Season 1 Episode 9

Wide Open

Aired Friday 9:00 PM Jan 03, 1997 on FOX
out of 10
User Rating
59 votes

By Users

Episode Summary

Wide Open
A young girl whose parents were brutally murdered becomes the last hope in finding a killer. So Catherine encourages Jordan to speak out to the young girl and try to get her to get over the awful experience she has been through. But Bletcher is determined to let the relive what happened so they can get more evidence about what actually happened.moreless

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  • A great episode.

    I really enjoyed watching this one. I really do not know why it has a low score on the site, personally i thought it was great. In this episode Frank and Bob have to try to work out a killers next target after he murders a young couple and leaves a child. Bob wants to use the child to find out what happened. But Catherine thinks it is a bad idea, and Frank agrees. So eventually they track down the kill, and i liked how Bob and Frank let him die before calling the paramedics. Overall i thought this was a great episode.moreless
  • Shoulda Stayed Closed

    And it was all going so well. I had an idea that the writers of Millennium wouldn't be able to keep up its track record of perfect scripts much longer, and this is the first blip along the way. Wide Open is an episode which takes an intriguing mystery and shakes it of any drama, any pathos and any entertainment, leaving it seeming half-done and, all-in-all, disappointing.

    The last ten minutes of the episode turned a decidedly average episode into a truly god-awful one, with psychopathic Cutter defeated by a conveniently placed dog pushing him off a balcony onto a glass table. Followed by Frank making some quips for around 30 seconds in order to delay calling the ambulance. Firstly, this is completely out of character for him. Secondly, how exactly could a dog knock a fully-grown man off a balcony? It's a cheap, ridiculous cop-out of an ending which completely wrecks anything decent about the previous 40 minutes.

    The killer's motive was also completely ignored. The idea of hiding in houses until the owners return home and killing them is probably one of the most original and twisted storylines seen so far on the series but one off-hand comment about his motive behind such hideous crimes just does not do it justice.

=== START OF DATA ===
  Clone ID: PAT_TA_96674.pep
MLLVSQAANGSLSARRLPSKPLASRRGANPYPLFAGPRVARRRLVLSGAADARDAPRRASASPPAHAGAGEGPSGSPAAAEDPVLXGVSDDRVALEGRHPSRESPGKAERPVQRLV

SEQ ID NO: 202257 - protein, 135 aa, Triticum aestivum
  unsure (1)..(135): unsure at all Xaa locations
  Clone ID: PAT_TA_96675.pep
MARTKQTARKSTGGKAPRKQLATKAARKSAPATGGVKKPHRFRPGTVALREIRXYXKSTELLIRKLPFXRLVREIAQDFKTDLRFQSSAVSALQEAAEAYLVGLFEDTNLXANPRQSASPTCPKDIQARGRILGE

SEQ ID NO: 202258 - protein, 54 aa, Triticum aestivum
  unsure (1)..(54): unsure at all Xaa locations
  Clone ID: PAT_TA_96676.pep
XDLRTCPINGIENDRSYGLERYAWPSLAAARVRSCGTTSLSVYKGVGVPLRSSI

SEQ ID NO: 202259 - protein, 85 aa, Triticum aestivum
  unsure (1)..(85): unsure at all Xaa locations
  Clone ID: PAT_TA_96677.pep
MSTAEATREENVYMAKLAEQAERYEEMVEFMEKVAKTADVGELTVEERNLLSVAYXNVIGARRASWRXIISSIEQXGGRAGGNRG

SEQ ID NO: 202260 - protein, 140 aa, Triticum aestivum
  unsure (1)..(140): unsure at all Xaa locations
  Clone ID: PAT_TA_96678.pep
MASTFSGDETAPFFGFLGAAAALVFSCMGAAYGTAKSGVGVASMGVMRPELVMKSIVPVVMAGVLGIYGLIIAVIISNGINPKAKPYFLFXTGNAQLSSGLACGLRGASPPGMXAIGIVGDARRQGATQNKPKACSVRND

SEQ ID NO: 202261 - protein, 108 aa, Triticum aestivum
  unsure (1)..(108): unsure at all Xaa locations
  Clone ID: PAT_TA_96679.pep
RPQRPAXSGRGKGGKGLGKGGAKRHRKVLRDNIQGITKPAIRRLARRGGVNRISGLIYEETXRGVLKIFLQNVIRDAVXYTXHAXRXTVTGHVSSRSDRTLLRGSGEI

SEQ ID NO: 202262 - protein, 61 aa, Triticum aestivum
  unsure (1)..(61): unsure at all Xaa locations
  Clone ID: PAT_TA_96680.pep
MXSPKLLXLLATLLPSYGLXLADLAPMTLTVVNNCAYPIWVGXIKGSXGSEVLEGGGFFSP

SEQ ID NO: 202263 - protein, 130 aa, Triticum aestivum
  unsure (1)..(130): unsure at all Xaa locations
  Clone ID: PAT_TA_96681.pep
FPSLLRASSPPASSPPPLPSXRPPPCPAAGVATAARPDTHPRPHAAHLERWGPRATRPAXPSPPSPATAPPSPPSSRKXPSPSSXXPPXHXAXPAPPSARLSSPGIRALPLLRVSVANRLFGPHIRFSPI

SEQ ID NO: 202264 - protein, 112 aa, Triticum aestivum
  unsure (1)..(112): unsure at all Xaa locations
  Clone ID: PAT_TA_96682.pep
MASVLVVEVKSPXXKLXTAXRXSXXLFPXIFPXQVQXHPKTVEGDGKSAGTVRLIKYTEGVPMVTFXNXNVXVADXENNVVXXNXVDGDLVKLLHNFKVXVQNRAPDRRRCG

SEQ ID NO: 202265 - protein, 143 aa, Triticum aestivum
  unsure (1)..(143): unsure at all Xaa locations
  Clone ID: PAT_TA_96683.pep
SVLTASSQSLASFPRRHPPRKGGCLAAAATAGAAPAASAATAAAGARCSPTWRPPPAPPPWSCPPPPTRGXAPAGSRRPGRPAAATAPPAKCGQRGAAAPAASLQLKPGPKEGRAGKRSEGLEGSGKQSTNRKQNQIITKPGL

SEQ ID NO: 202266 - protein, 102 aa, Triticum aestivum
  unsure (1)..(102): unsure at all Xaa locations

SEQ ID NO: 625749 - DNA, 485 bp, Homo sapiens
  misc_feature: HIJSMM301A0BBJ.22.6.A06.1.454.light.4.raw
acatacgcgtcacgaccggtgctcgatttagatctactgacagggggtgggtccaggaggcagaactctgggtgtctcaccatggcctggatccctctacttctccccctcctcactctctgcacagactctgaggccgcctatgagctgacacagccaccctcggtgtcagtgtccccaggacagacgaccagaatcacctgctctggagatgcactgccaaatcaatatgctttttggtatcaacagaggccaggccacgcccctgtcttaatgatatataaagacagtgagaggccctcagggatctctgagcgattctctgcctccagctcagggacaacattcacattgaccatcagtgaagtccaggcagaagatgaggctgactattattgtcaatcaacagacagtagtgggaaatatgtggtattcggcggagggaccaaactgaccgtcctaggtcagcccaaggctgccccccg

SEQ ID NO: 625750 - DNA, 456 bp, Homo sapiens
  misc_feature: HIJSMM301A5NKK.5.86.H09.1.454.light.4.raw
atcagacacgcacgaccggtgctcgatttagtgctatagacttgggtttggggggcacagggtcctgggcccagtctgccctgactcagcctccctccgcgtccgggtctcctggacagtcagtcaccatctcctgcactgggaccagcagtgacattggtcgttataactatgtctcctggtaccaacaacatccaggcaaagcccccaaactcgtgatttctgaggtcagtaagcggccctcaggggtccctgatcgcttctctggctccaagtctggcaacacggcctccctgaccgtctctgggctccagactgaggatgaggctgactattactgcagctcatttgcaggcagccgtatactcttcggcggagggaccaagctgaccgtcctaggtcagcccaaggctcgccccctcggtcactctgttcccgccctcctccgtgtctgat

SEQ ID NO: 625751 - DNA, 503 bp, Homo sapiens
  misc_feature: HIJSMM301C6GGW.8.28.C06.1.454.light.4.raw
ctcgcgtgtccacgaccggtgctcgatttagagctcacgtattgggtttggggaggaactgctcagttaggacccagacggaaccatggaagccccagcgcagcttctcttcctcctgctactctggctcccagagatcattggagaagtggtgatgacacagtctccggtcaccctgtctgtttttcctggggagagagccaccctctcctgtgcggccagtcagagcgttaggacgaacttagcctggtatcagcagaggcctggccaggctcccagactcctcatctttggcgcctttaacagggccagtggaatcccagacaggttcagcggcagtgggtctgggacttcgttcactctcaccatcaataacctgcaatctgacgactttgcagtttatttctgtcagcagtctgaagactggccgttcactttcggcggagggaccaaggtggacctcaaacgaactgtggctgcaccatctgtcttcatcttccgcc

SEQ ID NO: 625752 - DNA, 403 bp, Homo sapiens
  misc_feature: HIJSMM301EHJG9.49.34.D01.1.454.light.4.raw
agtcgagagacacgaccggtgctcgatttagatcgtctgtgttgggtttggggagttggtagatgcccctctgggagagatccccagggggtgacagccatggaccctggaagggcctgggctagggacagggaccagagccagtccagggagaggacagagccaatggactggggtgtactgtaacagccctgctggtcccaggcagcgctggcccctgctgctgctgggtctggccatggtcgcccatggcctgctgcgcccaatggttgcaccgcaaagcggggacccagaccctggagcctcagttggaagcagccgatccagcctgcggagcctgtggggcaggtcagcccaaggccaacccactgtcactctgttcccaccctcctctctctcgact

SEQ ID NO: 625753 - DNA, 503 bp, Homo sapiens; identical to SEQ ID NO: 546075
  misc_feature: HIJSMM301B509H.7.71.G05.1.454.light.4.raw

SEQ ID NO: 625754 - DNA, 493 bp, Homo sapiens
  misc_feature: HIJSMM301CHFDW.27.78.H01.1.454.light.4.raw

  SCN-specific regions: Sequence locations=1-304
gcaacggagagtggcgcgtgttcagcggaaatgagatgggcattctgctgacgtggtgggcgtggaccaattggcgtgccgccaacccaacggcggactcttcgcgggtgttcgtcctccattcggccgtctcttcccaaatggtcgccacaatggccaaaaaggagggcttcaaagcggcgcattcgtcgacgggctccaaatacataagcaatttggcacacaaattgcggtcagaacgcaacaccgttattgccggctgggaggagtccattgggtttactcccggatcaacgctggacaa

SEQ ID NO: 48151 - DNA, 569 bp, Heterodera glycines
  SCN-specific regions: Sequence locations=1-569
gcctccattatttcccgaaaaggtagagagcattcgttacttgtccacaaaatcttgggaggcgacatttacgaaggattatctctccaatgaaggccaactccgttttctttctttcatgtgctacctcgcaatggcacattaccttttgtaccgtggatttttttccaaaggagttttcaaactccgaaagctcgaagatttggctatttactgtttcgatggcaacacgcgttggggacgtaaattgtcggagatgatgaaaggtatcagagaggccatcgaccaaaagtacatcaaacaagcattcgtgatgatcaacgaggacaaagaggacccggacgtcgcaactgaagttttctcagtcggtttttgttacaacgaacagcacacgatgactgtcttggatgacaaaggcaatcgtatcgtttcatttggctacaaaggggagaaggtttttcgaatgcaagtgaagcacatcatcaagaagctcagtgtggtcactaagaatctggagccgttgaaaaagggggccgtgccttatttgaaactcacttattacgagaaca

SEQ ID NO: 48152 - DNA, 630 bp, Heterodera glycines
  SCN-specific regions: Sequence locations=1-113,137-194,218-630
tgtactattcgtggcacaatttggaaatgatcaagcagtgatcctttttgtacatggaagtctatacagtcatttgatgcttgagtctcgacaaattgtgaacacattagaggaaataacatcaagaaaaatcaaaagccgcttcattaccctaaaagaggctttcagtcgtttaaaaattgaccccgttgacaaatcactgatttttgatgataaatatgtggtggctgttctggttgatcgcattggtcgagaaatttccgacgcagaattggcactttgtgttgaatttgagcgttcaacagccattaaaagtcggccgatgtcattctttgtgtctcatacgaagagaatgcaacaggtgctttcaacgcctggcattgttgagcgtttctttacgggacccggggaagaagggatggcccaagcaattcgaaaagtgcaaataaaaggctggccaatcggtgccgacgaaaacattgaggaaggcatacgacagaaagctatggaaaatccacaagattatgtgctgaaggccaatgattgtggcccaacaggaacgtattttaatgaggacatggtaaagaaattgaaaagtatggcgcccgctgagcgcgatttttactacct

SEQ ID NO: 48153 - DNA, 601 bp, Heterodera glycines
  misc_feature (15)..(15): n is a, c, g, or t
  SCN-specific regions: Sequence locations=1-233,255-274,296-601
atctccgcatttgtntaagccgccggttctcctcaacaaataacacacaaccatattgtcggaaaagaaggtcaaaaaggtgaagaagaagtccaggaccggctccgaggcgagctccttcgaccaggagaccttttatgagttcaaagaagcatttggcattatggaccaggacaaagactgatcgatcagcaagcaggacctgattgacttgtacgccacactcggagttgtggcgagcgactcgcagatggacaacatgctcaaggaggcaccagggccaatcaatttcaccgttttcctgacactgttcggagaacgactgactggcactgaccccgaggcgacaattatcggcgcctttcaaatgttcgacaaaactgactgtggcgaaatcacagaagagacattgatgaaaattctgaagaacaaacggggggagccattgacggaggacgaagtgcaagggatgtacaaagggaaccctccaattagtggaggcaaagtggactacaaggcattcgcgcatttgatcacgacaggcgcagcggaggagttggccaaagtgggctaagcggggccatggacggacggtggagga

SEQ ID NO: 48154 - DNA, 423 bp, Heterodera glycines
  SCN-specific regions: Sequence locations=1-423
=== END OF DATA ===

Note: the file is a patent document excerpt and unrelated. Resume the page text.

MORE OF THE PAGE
I found the subplot involving Patricia Highsmith to be the only interesting thing about the episode. Nevada Ash is excellently cast as the emotionally drained and suddenly orphaned young girl and her scenes with Catherine are both dramatic and saddening. Unfortunately, even these scenes aren't enough to save the rest of the episode, which is strictly Millennium-by-numbers and depressingly formulaic.

    Director: James Charleston

    Writer: Charles D Holland

    Rating: D-moreless
Glynn Turman

Glynn Turman

James Glen

Guest Star

Pablo Coffey

Pablo Coffey


Guest Star

Nevada Ash

Nevada Ash

Patricia Highsmith

Guest Star

Bill Smitrovich

Bill Smitrovich

Lt. Bob Bletcher

Recurring Role

Stephen J. Lang

Stephen J. Lang

Det. Bob Geibelhouse

Recurring Role

Brittany Tiplady

Brittany Tiplady

Jordan Black

Recurring Role

Trivia, Notes, Quotes and Allusions


  • TRIVIA (1)

    • The houses that Cutter infiltrates throughout the episodes are, in more ways than one, wide open. The open house events allowed him access to homes and families. While those homeowners murdered throughout the episode felt protected by their in-home security systems that feeling was one of false security as they remained, as Cutter proves, wide open to attack.

  • QUOTES (8)

    • Frank: Yeah... thinking about my parents, my grandparents -- forty or fifty years ago... they never locked their doors, day or night. We seem to have accepted it so... gracefully, so naturally -- the security systems. We've allowed ourselves to become almost besieged by our own fear.
      Catherine: If you're not afraid, you're living in denial. The world's changed.
      Frank: Yeah, I know. Can't turn it back. But we wonder... where are we headed from here?

    • Frank: He's teaching us a lesson... about our pretensions to safety... about how vulnerable we are.

    • Frank: He takes chances but everything's considered... as if scripted, planned -- what to leave, what to take, what he wants us to see, what he wants others to see. He's leaving a record of the events -- videos, 911 calls, witnesses.

    • Glen: 'John Allworth.' The signature... centrifugal, vertical lines, forward expansion. The strokes... forceful, measured, alternating cursive and print. This man's signature's probably been the same since he was old enough to sign it.
      Frank: What does that tell you?
      Glen: That the signer is deliberate. He has focus, but that this is to contain his rage or his anger -- that he can be explosive, prone to outburst or violence.

    • Glen: Abraham Lincoln, Elvis and Muhammad Ali, all signed the guest book at the Open House. In my professional opinion, none are viable suspects.

    • Catherine: What's she been through -- no one, child or adult, should have to experience. If she's asked to talk about it, it's like asking her to relive it.

    • Giebelhouse: Five thousand dollar alarm system... Should have saved themselves the dough and gotten a rottweiler.

    • "His children are far from safety;
      They shall be crushed at the gate
      Without a rescuer."
      ----Job 5:4

  • NOTES (1)


    • Glen: Graphological analysis matches the perpetrator's signature to at least 37 sign-in registers, using the name: John Allworth, Travis Bickle and Rudyard Holmbast.
      The name 'Travis Bickle' is a reference to Robert De Niro's deranged character from the film Taxi Driver.